02 Feb Your guide to the best business systems software
Your guide to the best business systems software
New tools that drive efficiency can integrate disparate systems, improve collaboration between teams, automate basic or repetitive tasks, and collect and store better quality data. Here’s our guide to choosing the best systems for your business.
Search Phase One
The best way to approach purchasing of a new system is to rate the elements of the system that you currently use. Document the strengths (what it does well and the things you like about it) and weaknesses (what you don’t like or what it cannot do for you).
When the list is complete, check with your team to see if there are any other issues you may not have thought about, then finish by making a list of the ‘nice to haves’, or a wish list (you might be surprised) how many of these things are standard in a better system.
Categorise the list into four sections:
- must have
- should have
- could have
- wish it had.
Search Phase Two
Now you are ready for the next part of the journey. Talk to friends, colleagues, business partners and financial advisors – find out about the systems they know about, how suitable they might be for your business and what they know about the company providing the software.
Make a manageable shortlist of potential systems and do some research. Gather as much information as you can; note features that match your list of requirements and mark those that appear to be missing.
Search Phase Three
Time to contact the vendors of the potential systems. You should expect them to make a visit to your premises to meet with you and discuss what your business does and what your key issues are. For you, this is an opportunity for you to see how they behave and how professional they are: Are they the sort of people that you can build a relationship with?
During this phase you should ask for a cost estimate. If it is way out of the ballpark of what you can afford, then now is the time to be upfront and tell the vendor. Importantly, don’t discount them totally. While it may beyond your expectations it doesn’t mean that the others are going to be cheaper.
Search Phase Four
Next on the list is a demonstration of the product. Be selective – if you didn’t like the people that visited, leave that provider off the list or until last. If at the end of your evaluations of the other solutions none look suitable, then go back to these people but ensure that the relationship is going to be successful (it’s often good in these situations to let the senior manager in the organisation know that you are uncomfortable and need some reassurance).
If possible, it is valuable if the vendor customises the demonstration by using some of your products (although don’t expect it to be exactly like your business – they can only do so much to mimic the situation).
Have a checklist of things that you wish to see and don’t be afraid to ask to see a specific area working and look closely at the steps involved to achieve what you need.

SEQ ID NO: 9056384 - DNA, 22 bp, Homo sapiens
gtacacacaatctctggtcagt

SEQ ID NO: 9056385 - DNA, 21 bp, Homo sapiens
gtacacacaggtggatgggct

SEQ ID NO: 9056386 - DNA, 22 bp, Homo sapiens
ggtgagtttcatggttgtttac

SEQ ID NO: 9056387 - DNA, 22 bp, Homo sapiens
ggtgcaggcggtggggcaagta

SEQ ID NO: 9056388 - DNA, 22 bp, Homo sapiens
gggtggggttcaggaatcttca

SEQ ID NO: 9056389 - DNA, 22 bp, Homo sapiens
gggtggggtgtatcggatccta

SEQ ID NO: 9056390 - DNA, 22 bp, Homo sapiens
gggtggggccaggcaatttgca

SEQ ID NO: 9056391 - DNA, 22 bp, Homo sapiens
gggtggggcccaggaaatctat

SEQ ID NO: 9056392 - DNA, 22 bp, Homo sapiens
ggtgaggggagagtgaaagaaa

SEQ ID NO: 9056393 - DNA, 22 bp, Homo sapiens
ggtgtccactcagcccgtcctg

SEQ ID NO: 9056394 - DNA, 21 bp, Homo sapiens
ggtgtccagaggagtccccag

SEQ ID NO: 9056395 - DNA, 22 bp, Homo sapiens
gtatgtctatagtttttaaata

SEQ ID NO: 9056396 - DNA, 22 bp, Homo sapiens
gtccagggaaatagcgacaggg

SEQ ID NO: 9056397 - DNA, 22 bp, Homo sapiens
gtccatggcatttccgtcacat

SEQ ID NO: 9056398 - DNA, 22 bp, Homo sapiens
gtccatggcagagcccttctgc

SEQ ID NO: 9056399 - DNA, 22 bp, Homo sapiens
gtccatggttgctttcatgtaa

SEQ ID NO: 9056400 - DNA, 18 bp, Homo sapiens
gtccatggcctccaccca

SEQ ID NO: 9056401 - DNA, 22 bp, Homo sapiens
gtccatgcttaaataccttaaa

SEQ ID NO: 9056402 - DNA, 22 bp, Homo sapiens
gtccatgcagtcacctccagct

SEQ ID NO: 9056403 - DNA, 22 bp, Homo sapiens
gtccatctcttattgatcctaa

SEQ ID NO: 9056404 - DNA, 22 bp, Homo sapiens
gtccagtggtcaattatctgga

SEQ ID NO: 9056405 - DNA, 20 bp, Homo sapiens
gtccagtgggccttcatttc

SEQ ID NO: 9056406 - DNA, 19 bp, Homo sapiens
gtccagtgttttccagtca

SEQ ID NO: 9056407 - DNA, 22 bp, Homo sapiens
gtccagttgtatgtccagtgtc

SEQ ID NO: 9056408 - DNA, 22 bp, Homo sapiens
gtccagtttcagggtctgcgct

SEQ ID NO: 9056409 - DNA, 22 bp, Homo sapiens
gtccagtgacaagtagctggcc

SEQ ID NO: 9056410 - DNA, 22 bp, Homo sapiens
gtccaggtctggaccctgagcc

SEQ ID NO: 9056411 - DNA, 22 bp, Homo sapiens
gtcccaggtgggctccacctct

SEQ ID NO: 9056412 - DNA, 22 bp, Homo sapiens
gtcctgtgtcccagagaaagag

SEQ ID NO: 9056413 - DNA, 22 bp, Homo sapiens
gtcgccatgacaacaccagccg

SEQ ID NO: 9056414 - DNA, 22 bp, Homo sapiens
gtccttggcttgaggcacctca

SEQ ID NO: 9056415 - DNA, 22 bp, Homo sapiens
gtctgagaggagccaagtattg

Ask questions – as many as you can. No demonstration will show you every aspect in detail, but you should have a good ‘gut feel’ at the end of it. Does it look easy to use? Does it include the ‘must haves’ on your list? How many of the ‘should haves’ and ‘could haves’ are offered? Does it have any of your ‘wish it had’ items?
After each presentation, grade and rate what you have seen. By the time you have seen three different systems, it may be hard to remember how good or bad the previous system was, so it is good to capture your thoughts at the time.
Search Phase Five
Now for the tough task – the decision. Which system had the best score, ensuring that you have also scored the people as well because the relationship is very important. At the end of the day, you’re investing in people as well as a software system and the people involved definitely do make a difference to the outcome.
You can have the best system in the world and poor support and you will get an average result. Or you can have an average system with great support and you will have a better than average system. It all comes down to the expertise of the people who support your product.
Search Phase Six
Made the decision? Great. Only two more things to consider.
Finances: What is the best way to pay for your new system? From existing capital or by financing it? Talk to your advisors to ensure you make the best decision for your business.
Change management: This is where the work really begins. Change management is a major issue with any new software implementation. You need to appoint key people and have them trained on all the system elements, the business processes that you need, and how to train other staff in the areas they need to know about.
Importantly, senior people in the business need to take on these roles and as the manager or business owner, you need to lead the charge. The project just won’t succeed without you. Some staff will need to commit a lot of extra time to this project, not only do they need to learn a new system and processes, they also need to continue doing their normal job. Helping them through the process and engaging them in the ‘why’ is essential for success.